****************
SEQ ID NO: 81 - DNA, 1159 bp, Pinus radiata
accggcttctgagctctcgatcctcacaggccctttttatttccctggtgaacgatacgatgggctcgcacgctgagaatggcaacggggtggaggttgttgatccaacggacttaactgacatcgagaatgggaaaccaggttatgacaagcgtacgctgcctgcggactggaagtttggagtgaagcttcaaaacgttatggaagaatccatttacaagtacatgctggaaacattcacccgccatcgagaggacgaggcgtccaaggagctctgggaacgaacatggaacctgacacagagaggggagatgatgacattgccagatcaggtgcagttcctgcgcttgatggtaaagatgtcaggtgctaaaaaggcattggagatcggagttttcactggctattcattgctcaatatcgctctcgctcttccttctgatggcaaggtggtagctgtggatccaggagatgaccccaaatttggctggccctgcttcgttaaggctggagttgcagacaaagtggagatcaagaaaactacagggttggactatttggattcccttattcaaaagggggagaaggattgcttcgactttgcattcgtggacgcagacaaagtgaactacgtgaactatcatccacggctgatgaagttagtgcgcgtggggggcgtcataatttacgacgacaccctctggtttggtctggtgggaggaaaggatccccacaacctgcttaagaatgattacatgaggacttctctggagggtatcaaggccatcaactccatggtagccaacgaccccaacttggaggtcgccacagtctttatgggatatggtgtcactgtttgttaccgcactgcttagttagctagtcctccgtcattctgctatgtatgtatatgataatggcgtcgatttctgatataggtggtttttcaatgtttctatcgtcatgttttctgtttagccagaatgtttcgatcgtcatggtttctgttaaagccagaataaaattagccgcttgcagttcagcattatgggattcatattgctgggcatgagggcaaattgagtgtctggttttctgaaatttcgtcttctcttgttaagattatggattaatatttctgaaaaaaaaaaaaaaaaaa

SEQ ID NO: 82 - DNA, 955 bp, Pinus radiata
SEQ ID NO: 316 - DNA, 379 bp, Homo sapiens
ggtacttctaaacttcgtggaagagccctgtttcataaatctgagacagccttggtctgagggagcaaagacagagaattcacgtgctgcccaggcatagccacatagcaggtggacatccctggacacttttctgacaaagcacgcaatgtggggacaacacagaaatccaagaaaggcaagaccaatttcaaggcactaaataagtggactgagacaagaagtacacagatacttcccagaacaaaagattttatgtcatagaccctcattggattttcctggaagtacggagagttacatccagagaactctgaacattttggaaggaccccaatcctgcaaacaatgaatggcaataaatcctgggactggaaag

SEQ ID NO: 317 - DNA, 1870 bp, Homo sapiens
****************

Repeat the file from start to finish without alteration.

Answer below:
SEQ ID NO: 81 - DNA, 1159 bp, Pinus radiata
accggcttctgagctctcgatcctcacaggccctttttatttccctggtgaacgatacgatgggctcgcacgctgagaatggcaacggggtggaggttgttgatccaacggacttaactgacatcgagaatgggaaaccaggttatgacaagcgtacgctgcctgcggactggaagtttggagtgaagcttcaaaacgttatggaagaatccatttacaagtacatgctggaaacattcacccgccatcgagaggacgaggcgtccaaggagctctgggaacgaacatggaacctgacacagagaggggagatgatgacattgccagatcaggtgcagttcctgcgcttgatggtaaagatgtcaggtgctaaaaaggcattggagatcggagttttcactggctattcattgctcaatatcgctctcgctcttccttctgatggcaaggtggtagctgtggatccaggagatgaccccaaatttggctggccctgcttcgttaaggctggagttgcagacaaagtggagatcaagaaaactacagggttggactatttggattcccttattcaaaagggggagaaggattgcttcgactttgcattcgtggacgcagacaaagtgaactacgtgaactatcatccacggctgatgaagttagtgcgcgtggggggcgtcataatttacgacgacaccctctggtttggtctggtgggaggaaaggatccccacaacctgcttaagaatgattacatgaggacttctctggagggtatcaaggccatcaactccatggtagccaacgaccccaacttggaggtcgccacagtctttatgggatatggtgtcactgtttgttaccgcactgcttagttagctagtcctccgtcattctgctatgtatgtatatgataatggcgtcgatttctgatataggtggtttttcaatgtttctatcgtcatgttttctgtttagccagaatgtttcgatcgtcatggtttctgttaaagccagaataaaattagccgcttgcagttcagcattatgggattcatattgctgggcatgagggcaaattgagtgtctggttttctgaaatttcgtcttctcttgttaagattatggattaatatttctgaaaaaaaaaaaaaaaaaa

SEQ ID NO: 82 - DNA, 955 bp, Pinus radiata
SEQ ID NO: 316 - DNA, 379 bp, Homo sapiens
ggtacttctaaacttcgtggaagagccctgtttcataaatctgagacagccttggtctgagggagcaaagacagagaattcacgtgctgcccaggcatagccacatagcaggtggacatccctggacacttttctgacaaagcacgcaatgtggggacaacacagaaatccaagaaaggcaagaccaatttcaaggcactaaataagtggactgagacaagaagtacacagatacttcccagaacaaaagattttatgtcatagaccctcattggattttcctggaagtacggagagttacatccagagaactctgaacattttggaaggaccccaatcctgcaaacaatgaatggcaataaatcctgggactggaaag

SEQ ID NO: 317 - DNA, 1870 bp, Homo sapiens